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State v. Yallup

Court of Appeals of Washington, Division 3

May 10, 2018


          Korsmo, J.

         Easton Yallup appeals from his convictions at bench trial on two counts of first degree rape of a child. We affirm the convictions and remand to strike an award of restitution.


         This case revolved around allegations by M.V., 14 years old at trial, that Mr. Yallup had licked her vagina on multiple occasions when she was 10 and 11. After a late decision to waive jury trial, the matter proceeded to a bench trial in the Klickitat County Superior Court before the Honorable Brian Altman on October 5, 2016.

         Investigation revealed that Mr. Yallup lived with M.V. and her mother in three different locations in Goldendale. The child reported that incidents of sexual abuse occurred at all three locations. The prosecutor charged two counts of first degree child rape occurring between January 1, 2010, and December 31, 2013. At trial, M.V. testified that the first incidents of abuse occurred when she was 10 and finishing the fourth grade. The abuse ended shortly before her 12th birthday. Since she was born in August 2002, and her fourth grade year ended in 2013, there was a comparatively narrow window (last 16 months) of the charging period in which the offenses occurred.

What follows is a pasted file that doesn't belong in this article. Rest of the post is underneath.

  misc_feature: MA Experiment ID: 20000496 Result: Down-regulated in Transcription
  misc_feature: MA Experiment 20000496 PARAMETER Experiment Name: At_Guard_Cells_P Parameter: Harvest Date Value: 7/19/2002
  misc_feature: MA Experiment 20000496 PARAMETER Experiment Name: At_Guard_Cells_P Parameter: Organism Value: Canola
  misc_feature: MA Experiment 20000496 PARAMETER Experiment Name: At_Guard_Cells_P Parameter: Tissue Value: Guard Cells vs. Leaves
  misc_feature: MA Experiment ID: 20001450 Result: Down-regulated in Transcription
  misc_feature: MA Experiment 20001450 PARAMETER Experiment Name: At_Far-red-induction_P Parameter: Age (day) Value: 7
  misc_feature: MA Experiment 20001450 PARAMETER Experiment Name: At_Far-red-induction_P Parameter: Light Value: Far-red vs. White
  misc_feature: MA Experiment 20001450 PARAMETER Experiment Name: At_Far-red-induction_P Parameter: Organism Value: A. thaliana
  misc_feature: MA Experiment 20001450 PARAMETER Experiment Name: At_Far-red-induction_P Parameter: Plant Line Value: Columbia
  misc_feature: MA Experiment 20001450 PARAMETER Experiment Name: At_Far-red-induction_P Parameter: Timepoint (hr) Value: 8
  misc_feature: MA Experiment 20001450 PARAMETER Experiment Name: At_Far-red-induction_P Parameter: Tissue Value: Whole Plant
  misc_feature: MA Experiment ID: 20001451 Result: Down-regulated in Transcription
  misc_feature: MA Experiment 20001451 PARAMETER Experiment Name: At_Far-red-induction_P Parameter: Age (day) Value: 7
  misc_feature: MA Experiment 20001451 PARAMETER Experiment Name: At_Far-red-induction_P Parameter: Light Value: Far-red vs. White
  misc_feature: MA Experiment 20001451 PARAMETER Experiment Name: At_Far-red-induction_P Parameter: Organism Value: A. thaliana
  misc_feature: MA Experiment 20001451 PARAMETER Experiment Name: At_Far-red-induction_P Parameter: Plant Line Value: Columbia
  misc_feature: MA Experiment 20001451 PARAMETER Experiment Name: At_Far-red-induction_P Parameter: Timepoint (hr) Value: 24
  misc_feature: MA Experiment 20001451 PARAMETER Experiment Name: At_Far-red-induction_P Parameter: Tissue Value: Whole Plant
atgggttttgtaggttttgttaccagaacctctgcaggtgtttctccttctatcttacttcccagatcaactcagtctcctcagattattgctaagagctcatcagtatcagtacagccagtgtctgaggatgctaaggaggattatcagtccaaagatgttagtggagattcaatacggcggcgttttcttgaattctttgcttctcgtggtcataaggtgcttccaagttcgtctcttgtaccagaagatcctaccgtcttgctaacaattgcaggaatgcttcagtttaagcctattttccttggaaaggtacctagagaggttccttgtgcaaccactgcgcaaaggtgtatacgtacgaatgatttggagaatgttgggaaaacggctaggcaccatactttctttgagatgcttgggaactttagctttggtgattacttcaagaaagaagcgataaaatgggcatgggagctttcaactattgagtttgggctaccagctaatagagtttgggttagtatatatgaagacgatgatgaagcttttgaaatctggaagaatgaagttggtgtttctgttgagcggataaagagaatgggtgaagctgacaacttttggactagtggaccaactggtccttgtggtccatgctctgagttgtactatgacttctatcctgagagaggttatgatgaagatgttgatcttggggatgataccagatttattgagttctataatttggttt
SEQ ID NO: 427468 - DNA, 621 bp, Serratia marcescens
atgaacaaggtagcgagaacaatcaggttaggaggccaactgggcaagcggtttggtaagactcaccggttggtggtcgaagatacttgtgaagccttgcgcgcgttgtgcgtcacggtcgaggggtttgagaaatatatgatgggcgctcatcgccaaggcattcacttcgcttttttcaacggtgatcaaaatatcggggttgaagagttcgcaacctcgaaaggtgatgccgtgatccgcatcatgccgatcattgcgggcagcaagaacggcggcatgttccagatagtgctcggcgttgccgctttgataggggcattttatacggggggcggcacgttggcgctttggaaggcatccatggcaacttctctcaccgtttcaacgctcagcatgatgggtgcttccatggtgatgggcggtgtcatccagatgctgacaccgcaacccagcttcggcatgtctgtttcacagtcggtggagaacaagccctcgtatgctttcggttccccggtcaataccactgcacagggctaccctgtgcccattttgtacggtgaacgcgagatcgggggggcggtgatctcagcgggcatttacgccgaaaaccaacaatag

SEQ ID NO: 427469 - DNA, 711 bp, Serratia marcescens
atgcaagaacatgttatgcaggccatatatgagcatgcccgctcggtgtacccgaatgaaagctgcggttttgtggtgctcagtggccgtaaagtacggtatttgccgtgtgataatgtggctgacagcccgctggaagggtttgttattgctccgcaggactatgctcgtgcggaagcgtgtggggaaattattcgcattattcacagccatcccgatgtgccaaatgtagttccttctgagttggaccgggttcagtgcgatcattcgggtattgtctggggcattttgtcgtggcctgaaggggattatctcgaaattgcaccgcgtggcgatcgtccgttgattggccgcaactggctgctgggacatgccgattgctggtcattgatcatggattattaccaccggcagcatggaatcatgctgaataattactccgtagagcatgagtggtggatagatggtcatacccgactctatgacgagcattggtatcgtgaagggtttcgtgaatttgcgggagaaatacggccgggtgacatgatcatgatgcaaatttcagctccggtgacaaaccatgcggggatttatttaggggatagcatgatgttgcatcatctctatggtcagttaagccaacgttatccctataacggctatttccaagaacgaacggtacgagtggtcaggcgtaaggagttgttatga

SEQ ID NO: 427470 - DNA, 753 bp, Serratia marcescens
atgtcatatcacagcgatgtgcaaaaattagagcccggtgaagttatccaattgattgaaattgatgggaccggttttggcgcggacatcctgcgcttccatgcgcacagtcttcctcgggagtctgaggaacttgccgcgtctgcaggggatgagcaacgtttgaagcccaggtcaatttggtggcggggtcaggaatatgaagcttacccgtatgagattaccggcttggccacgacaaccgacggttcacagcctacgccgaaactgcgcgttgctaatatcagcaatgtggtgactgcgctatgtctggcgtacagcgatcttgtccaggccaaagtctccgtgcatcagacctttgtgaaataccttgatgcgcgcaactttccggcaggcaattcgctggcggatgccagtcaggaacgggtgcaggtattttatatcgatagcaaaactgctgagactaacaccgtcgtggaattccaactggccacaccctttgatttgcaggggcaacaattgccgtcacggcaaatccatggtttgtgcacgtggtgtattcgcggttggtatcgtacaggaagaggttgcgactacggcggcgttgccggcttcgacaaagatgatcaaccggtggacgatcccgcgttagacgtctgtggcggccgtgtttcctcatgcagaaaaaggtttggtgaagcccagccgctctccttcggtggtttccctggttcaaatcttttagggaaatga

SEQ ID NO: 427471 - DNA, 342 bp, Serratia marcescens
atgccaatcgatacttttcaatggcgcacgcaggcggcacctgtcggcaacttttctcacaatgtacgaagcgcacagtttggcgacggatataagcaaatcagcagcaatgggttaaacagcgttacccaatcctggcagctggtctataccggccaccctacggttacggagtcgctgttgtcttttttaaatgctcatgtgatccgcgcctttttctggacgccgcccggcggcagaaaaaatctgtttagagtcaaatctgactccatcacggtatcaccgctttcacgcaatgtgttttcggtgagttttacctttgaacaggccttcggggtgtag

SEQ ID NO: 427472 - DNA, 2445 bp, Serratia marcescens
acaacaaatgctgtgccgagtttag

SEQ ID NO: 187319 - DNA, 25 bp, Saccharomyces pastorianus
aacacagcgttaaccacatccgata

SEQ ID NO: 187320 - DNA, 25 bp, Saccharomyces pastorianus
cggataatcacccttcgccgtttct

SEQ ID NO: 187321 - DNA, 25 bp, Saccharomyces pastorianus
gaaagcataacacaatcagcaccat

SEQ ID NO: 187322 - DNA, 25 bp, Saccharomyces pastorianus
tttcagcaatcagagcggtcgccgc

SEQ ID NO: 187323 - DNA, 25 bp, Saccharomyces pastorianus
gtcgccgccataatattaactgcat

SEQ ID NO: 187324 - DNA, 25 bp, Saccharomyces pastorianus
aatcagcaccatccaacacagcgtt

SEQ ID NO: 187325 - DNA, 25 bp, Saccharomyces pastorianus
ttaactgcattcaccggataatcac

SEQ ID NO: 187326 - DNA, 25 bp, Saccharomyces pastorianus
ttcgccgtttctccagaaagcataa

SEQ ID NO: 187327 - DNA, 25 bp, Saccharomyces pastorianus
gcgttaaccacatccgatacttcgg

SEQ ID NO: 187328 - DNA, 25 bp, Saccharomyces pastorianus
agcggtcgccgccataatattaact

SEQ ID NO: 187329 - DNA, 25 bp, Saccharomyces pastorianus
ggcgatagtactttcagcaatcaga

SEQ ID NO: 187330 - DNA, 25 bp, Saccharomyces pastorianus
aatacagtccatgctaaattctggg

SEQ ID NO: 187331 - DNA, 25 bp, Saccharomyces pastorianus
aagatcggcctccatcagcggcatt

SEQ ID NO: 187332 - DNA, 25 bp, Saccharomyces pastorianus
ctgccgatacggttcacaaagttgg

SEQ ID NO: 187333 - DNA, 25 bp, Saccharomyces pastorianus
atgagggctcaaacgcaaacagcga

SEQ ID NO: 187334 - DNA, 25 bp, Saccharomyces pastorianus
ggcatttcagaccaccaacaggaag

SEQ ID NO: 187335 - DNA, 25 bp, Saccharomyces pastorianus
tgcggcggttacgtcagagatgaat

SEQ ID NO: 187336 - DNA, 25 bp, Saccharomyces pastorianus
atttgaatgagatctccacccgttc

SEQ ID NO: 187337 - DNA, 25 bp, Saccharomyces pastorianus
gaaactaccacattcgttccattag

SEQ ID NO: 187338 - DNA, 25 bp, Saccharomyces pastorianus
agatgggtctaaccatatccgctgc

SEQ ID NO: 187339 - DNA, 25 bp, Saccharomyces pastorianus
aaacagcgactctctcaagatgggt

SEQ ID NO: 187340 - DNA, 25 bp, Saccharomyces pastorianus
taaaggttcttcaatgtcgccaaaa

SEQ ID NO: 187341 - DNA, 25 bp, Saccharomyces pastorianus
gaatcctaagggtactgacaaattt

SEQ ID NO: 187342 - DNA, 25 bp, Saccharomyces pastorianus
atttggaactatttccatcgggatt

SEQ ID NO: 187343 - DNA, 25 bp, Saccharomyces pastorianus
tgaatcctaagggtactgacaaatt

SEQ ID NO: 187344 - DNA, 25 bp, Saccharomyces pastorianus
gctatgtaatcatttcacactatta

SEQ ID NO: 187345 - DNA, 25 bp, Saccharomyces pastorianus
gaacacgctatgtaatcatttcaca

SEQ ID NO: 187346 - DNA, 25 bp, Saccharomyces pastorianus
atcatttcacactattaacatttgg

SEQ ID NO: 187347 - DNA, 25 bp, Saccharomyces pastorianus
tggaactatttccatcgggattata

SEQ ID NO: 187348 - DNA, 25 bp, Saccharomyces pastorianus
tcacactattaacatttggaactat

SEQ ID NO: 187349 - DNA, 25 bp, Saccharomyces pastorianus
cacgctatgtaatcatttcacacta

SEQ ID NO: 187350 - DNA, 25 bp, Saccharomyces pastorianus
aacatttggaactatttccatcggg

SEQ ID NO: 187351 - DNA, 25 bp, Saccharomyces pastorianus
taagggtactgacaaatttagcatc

At the conclusion of trial, Judge Altman explained his decision in detail:

[M.V.] who is now fourteen, testified that the Defendant had sexual intercourse with her as it's defined in Washington law at least ten times she said and fewer than fifteen times during an approximate three year period. The incidents of intercourse ended . . . when her mother, [L.J.], finally kicked the Defendant out of the house where he had been staying off and on as her paramour for a period of a couple of years at least. . . . .